I love to read. Over the years, I’ve challenged myself to read more and more books; joining so many Book Clubs, taking on “read a book a month” challenges- you name it. This summer, I read The Midnight Library by Matt Haig, recommended by the Good Morning America (GMA) Book Club, and I couldn’t put it down!
The Midnight Library is book about a thirty-something woman who is regretful about her life and feels alienated and unneeded in this world. In the depths of her wallowing, she comes across The Midnight Library. In it, each book represents a portal into another variation of what her life could have been if she had chosen differently.
“Every book in here, every book in this entire library-except one-is a version of your life.
Except One? This one?
Yes. That one. It’s something you’ve written without ever having to type a word.
This book is the source of all your problems, and the answer to them, too. It is called, my dear, The Book of Regrets.”
All of us at one time or another have felt REGRET. Feelings of regret can stem from looking back on past behaviors and decisions and believing that a better outcome may have occurred if a different choice was made. Maybe you have heard this also referred to as “hindsight bias”?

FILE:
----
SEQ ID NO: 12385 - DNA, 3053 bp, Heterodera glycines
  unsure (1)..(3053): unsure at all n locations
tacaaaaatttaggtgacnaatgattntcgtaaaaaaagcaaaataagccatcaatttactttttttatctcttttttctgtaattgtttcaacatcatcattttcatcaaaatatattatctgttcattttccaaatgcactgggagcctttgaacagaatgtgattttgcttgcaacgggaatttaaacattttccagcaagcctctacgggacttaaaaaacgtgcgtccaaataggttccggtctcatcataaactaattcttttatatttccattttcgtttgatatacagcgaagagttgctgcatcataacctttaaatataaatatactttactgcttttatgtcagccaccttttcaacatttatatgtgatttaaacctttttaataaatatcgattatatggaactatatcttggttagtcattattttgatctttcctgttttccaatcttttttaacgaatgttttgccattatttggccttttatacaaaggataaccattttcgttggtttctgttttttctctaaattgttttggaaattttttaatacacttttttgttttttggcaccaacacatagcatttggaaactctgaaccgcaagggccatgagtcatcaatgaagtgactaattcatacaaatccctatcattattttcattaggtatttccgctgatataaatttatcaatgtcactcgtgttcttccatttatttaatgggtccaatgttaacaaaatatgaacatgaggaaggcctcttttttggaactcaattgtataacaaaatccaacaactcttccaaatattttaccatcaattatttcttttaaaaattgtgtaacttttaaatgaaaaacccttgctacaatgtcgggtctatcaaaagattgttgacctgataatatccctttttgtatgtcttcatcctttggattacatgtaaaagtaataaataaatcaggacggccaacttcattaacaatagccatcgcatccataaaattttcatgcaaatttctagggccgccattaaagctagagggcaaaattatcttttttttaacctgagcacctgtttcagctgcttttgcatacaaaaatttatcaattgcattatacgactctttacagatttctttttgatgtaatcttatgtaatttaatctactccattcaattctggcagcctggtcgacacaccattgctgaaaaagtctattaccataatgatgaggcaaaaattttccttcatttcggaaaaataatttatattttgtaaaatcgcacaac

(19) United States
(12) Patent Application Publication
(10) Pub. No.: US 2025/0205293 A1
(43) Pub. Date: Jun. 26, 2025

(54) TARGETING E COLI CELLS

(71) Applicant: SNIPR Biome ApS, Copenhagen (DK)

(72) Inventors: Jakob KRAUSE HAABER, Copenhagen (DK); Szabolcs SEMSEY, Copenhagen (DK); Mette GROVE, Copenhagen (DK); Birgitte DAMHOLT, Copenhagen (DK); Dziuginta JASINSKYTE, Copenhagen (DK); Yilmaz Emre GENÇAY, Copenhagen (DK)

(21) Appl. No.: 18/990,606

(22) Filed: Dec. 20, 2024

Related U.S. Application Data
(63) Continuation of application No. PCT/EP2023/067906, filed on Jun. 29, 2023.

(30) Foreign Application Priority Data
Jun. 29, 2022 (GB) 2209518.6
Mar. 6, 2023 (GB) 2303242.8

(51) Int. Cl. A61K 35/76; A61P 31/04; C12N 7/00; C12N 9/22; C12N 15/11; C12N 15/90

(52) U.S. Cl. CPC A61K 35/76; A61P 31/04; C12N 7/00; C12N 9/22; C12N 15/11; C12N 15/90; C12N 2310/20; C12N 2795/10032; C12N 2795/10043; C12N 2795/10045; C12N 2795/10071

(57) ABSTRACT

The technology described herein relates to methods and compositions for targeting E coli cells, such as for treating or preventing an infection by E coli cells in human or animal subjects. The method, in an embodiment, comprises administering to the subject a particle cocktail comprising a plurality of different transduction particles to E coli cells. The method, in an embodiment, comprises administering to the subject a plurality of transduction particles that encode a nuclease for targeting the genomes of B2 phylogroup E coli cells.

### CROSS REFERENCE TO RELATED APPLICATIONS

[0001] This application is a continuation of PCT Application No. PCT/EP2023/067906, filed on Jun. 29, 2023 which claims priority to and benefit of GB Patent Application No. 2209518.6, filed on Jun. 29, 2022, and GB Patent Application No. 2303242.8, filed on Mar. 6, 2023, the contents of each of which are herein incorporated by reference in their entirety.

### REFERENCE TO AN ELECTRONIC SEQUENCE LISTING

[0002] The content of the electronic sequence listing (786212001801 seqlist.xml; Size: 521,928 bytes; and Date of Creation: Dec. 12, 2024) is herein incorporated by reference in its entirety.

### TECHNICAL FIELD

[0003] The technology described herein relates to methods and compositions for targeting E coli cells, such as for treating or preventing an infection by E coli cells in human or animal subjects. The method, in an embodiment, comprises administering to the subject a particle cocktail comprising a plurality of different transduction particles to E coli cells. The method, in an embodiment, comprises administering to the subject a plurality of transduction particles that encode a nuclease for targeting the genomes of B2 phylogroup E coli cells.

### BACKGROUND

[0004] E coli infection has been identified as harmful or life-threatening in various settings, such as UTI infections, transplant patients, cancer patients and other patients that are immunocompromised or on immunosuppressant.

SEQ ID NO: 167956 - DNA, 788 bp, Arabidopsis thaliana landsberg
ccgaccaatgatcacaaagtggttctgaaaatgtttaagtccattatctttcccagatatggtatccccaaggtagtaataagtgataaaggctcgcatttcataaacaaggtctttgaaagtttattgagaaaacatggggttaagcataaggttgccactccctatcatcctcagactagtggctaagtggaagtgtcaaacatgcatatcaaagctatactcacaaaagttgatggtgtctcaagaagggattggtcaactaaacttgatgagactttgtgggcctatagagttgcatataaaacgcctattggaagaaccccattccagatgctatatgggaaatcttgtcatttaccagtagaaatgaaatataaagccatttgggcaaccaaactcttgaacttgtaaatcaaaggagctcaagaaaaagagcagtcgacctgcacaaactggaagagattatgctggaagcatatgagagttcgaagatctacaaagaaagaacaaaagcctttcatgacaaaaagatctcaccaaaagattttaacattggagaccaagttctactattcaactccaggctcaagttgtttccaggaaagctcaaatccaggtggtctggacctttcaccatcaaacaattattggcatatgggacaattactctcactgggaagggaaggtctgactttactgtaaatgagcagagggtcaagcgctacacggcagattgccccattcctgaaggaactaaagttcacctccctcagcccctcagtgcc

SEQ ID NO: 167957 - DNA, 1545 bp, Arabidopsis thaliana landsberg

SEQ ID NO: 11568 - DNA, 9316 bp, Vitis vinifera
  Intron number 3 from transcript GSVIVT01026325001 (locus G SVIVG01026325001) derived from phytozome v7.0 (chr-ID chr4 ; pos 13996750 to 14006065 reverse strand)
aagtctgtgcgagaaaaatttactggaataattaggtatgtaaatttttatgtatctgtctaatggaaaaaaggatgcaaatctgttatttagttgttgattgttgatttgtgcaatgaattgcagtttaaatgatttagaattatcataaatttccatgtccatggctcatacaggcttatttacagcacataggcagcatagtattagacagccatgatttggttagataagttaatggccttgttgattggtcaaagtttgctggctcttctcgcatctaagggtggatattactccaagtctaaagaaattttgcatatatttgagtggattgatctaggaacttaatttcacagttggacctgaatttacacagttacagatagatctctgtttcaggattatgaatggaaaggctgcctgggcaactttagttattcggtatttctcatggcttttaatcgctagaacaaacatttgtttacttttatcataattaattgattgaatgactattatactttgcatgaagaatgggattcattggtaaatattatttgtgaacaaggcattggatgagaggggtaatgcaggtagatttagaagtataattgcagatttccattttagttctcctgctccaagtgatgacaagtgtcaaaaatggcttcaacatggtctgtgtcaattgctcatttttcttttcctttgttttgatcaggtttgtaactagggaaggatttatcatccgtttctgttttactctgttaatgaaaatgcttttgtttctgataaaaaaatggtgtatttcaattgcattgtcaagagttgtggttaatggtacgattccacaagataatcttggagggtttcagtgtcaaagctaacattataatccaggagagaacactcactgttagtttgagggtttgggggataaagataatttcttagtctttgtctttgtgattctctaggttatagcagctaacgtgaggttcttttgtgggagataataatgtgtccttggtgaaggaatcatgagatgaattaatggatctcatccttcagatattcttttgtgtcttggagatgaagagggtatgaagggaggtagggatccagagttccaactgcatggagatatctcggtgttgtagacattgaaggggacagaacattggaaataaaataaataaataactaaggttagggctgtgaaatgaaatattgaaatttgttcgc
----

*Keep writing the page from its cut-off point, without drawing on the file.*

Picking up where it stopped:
Regret also shows up when we fail to live in alignment with our authentic selves, as illustrated in this visual from mindfulambition.net
So how do we live our best life without regrets? Is it even possible?
Author Bronnie Ware is an Australian nurse who spent several years working in palliative care, caring for patients in the last 12 weeks of their lives. Through many, many conversations, she heard and came to understand what people truly regret. Knowing what others have shared as regrets can save us from regretting those exact same things later! During her observations, Bronnie found these common themes that we all should consider doing and/or maybe even doing a little more.
- I wish I’d had the courage to live a life true to myself, not the life others expected of me.
- I wish I hadn’t worked so hard-especially on work that I don’t enjoy.
- I wish I’d had the courage to express my feelings.
- I wish I had stayed in touch with my friends.
- I wish that I had let myself be happier.
The greatest tragedy of regret is that regret represents a departure from the path of your best life.
In keeping with last month’s theme of More and Less (Fountain and Drain), let’s also explore a couple of things that we should do less of.
- Holding On to Grudges/Resentments: Let go.
- Caring What Others Think: You likely won’t care a year from now, heck-you probably won’t even care in a few days… Just do it.
What would your midnight library look like? Would your book of regrets be the thickest, heaviest book on the shelf? You are writing YOUR story today, right now- “Never underestimate the big importance of small things.”
Like most everything in our life, regret-free living is a journey; it takes awareness, curiosity, practice… and a really BIG sense of humor!
No regrets; not even ONE? Share a funny experience that you regret below, or you can even email me; I’d love to hear from you!
Tonya Hitschmann, Director of Community Programs